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Full-Text Articles in Law

The Managed Care Dilemma: Can Theories Of Tort Liability Adapt To The Realities Of Cost Containment?, Barbara A. Noah Jan 1997

The Managed Care Dilemma: Can Theories Of Tort Liability Adapt To The Realities Of Cost Containment?, Barbara A. Noah

Faculty Scholarship

Over the years, the United States health care system has undergone a transformation from a market comprised mainly of self employed physicians· in solo or small group practices to one in which far fewer physicians engage in this type of independent practice. More than three quarters of the physicians in this country now practice medicine within some form of managed care organization ("MCO") or see some managed care patients. The public increasingly perceives the care provided through MCOs as inferior to traditional feefor-service care. Responding to constituent pressures, legislatures in more than twenty states recently have considered bills regulating managed ...


Reviving Jacob And Youngs, Inc. V. Kent: Material Breach Doctrine Reconsidered, Amy B. Cohen Jan 1997

Reviving Jacob And Youngs, Inc. V. Kent: Material Breach Doctrine Reconsidered, Amy B. Cohen

Faculty Scholarship

Determining whether a material breach has occurred under current law involves a weighing of several factors, a determination that often seems either completely without logic or precision, or self-evident and conclusory. Thus, parties are left not knowing what to do and what risks they may be assuming. The problem with the current application of material breach doctrine is in large part a result of an absence of focus. The courts apply the test without articulating any foundation or context on which it is based. The law in this area could be much improved if courts would return to Judge Cardozo ...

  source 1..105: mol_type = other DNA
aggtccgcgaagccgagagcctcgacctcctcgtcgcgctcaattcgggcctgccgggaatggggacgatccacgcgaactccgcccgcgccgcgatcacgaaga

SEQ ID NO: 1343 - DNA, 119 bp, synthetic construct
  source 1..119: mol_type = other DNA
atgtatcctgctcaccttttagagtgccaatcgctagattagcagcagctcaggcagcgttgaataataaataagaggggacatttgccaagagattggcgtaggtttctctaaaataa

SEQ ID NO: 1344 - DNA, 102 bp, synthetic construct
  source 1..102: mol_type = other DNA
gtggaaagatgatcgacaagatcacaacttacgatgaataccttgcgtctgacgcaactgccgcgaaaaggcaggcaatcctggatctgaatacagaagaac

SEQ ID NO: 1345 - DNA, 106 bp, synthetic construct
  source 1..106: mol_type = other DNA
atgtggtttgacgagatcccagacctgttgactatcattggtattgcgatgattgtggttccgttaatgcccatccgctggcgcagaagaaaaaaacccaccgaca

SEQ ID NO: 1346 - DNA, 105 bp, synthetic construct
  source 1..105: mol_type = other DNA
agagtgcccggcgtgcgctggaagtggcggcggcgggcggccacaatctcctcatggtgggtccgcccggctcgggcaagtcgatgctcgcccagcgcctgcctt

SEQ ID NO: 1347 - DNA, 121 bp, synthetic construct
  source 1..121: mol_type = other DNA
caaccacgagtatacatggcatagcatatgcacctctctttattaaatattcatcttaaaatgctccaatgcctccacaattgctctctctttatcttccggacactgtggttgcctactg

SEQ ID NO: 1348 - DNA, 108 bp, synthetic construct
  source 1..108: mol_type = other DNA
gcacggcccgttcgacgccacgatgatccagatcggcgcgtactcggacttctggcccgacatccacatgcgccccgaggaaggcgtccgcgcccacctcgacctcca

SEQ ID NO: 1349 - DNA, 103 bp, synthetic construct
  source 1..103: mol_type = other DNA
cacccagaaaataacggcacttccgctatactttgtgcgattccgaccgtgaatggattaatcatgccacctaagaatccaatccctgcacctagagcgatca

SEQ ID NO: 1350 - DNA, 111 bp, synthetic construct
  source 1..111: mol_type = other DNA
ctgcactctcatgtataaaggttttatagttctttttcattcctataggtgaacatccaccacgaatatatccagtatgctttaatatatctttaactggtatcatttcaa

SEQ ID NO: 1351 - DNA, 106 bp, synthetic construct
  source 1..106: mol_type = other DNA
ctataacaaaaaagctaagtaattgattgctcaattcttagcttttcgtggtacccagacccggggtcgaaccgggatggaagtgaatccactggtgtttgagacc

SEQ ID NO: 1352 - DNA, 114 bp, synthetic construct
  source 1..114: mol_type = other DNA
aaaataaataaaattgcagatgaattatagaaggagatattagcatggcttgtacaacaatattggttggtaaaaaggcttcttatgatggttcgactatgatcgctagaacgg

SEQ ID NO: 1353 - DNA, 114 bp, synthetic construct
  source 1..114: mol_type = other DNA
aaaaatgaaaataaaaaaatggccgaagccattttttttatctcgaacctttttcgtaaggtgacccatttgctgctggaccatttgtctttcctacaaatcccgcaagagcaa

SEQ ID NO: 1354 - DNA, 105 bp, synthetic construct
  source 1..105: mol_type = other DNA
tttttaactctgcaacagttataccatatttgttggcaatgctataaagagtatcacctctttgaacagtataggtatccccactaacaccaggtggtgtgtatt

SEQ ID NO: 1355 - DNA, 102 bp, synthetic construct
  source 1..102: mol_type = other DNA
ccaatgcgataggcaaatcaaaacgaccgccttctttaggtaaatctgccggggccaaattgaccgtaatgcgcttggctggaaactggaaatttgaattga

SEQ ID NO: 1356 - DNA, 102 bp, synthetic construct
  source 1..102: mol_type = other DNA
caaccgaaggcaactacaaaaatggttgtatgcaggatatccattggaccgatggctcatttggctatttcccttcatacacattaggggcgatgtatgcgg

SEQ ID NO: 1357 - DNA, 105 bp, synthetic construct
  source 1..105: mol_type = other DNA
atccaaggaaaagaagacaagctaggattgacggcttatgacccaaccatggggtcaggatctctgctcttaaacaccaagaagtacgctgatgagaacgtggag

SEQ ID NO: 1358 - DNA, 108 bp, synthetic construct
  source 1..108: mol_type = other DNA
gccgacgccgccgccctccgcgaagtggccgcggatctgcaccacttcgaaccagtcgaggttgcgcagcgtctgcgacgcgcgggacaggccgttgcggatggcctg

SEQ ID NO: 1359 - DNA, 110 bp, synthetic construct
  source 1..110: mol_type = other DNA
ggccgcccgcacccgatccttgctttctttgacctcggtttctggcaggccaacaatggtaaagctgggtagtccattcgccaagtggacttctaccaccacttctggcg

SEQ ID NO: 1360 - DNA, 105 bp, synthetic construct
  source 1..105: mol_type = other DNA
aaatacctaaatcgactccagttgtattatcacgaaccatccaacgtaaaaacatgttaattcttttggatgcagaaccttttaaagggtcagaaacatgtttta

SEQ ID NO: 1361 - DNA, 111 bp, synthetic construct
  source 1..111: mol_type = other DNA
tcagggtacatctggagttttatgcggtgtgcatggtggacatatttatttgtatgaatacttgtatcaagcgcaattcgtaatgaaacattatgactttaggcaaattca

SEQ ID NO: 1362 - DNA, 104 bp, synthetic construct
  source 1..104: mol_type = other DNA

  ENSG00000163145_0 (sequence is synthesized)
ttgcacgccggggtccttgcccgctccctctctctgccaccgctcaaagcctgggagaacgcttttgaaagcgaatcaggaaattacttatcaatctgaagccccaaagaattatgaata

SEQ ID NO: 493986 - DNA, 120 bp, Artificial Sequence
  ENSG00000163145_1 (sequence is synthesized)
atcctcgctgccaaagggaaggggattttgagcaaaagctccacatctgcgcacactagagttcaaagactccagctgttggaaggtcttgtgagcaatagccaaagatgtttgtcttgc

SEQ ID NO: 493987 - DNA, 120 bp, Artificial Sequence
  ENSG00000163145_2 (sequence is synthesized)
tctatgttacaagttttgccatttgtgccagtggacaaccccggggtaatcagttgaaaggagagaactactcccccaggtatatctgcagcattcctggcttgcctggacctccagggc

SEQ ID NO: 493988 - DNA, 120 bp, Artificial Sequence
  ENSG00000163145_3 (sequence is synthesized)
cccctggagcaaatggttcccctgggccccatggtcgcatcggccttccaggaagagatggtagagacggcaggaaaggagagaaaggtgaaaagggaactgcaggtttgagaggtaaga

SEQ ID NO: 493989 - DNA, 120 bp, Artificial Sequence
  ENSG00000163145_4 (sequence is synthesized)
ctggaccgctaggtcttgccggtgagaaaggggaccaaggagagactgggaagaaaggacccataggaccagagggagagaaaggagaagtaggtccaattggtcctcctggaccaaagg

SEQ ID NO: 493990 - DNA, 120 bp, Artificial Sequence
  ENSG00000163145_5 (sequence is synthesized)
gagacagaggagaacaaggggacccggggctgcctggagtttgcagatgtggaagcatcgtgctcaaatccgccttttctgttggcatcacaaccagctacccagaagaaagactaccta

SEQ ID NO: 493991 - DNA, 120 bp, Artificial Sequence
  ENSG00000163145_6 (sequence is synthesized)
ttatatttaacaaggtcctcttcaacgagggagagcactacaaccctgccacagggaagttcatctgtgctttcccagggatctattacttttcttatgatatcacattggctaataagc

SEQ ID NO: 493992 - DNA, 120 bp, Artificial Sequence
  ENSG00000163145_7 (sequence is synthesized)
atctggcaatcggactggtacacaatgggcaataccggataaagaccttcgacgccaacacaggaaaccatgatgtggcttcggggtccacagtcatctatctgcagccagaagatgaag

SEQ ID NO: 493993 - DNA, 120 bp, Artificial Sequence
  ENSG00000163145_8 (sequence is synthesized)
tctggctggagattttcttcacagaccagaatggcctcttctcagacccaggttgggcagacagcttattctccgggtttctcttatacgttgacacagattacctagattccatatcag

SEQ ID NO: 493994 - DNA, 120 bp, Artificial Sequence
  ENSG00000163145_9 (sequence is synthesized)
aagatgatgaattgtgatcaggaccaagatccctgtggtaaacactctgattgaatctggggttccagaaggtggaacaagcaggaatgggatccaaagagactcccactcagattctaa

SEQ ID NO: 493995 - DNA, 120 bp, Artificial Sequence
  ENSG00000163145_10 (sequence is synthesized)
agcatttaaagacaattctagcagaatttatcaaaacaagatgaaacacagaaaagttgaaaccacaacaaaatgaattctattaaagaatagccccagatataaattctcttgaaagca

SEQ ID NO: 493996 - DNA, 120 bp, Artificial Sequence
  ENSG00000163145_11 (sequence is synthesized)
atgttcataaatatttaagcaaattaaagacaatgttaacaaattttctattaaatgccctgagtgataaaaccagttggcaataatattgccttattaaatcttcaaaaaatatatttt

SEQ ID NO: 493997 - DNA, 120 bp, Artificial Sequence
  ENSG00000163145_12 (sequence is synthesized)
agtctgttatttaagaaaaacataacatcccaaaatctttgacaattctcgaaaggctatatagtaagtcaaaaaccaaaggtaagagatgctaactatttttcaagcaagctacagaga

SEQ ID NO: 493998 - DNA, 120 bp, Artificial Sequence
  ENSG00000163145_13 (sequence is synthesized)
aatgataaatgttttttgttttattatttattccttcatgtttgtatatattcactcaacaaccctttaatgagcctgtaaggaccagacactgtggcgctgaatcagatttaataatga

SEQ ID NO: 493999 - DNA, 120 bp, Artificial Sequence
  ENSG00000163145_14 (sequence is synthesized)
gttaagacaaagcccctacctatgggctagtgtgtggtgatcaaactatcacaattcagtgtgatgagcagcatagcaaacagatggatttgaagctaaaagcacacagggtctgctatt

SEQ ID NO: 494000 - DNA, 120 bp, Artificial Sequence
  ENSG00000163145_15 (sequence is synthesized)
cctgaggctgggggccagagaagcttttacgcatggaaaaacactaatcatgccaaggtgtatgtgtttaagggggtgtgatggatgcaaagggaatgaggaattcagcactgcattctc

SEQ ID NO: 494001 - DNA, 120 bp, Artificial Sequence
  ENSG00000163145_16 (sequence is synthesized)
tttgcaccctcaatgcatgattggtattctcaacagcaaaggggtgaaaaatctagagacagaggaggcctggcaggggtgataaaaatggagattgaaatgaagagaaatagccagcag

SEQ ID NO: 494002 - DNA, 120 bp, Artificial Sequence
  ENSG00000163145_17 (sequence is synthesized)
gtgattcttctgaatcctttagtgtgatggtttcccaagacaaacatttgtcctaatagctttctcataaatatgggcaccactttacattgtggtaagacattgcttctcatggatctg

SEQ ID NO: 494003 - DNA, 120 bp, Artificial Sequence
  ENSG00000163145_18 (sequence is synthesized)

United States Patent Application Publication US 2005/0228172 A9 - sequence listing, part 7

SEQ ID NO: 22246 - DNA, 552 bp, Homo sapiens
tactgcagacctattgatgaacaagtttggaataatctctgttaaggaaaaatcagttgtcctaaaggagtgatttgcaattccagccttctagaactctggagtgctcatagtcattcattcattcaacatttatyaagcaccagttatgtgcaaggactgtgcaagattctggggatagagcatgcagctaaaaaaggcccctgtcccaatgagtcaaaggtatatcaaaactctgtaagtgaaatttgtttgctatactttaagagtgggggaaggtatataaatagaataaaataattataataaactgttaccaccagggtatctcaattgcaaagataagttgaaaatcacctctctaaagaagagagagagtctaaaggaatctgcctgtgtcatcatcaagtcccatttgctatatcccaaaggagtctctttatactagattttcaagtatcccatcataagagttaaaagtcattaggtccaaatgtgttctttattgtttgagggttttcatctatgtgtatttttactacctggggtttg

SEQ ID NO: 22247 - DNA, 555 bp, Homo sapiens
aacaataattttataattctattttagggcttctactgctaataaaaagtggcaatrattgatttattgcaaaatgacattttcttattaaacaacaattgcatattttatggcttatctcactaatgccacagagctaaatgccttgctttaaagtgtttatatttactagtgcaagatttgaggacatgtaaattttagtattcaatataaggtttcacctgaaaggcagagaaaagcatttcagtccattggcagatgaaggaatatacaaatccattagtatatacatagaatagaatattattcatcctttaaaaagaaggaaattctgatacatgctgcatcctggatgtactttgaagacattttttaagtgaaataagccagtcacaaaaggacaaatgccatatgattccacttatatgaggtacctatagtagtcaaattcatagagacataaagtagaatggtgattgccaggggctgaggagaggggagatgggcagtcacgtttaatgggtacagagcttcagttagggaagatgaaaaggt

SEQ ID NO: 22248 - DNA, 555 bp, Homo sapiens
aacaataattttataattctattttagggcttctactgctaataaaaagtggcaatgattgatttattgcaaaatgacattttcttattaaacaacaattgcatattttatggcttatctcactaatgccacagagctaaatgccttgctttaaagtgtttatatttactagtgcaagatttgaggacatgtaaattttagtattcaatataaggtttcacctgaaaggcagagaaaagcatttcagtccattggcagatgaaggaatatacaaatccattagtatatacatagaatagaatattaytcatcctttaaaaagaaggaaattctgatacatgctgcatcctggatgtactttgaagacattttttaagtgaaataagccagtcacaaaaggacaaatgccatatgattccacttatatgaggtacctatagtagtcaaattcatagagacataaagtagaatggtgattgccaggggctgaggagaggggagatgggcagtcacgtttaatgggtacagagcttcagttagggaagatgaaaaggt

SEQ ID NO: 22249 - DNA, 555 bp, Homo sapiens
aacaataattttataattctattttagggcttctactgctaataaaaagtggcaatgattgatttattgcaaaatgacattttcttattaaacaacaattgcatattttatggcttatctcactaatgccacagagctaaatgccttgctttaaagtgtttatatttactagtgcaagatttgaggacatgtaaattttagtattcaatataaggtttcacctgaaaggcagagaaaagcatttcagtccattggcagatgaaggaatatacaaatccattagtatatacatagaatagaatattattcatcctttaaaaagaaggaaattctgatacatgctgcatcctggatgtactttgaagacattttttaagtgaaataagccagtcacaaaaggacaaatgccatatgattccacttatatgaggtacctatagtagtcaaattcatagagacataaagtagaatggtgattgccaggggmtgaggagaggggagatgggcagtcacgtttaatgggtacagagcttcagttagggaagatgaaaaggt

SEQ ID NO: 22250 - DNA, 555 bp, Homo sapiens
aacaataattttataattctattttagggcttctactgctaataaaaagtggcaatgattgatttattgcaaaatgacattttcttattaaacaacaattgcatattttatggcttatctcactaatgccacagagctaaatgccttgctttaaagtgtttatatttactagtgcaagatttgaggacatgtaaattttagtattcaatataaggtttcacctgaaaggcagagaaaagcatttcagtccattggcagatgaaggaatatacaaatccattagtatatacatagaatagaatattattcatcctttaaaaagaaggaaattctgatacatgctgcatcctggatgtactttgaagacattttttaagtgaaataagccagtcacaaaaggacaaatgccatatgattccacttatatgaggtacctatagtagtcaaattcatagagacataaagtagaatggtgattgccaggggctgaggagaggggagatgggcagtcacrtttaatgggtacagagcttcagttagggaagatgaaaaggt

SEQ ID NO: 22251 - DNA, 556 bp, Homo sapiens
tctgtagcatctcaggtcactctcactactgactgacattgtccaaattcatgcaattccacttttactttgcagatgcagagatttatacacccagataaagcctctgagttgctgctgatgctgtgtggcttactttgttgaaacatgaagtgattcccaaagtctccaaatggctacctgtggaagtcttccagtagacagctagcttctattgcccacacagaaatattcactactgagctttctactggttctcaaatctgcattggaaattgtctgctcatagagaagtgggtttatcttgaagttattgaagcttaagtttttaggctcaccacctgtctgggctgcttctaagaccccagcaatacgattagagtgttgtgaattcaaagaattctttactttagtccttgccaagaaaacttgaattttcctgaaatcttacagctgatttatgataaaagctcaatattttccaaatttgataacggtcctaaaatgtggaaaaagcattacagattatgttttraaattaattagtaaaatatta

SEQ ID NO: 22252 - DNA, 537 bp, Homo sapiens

Shareholder Enforced Market Discipline: How Much Is Too Much?, Eric J. Gouvin Jan 1997

Shareholder Enforced Market Discipline: How Much Is Too Much?, Eric J. Gouvin

Faculty Scholarship

This Article considers the federal banking regulation regime implemented in response to the widespread bank failures of the 1980s and early 1990s. The first section of the Article examines the moral hazard problem created by the presence of the deposit insurance scheme and the market discipline debate that has attempted to correct the moral hazard problem. The Author argues that the law has evolved to make bank holding companies the primary enforcers of market discipline. The Article’s second section examines the specific regulatory changes that have been designed to create an incentive for bank holding companies to impose discipline ...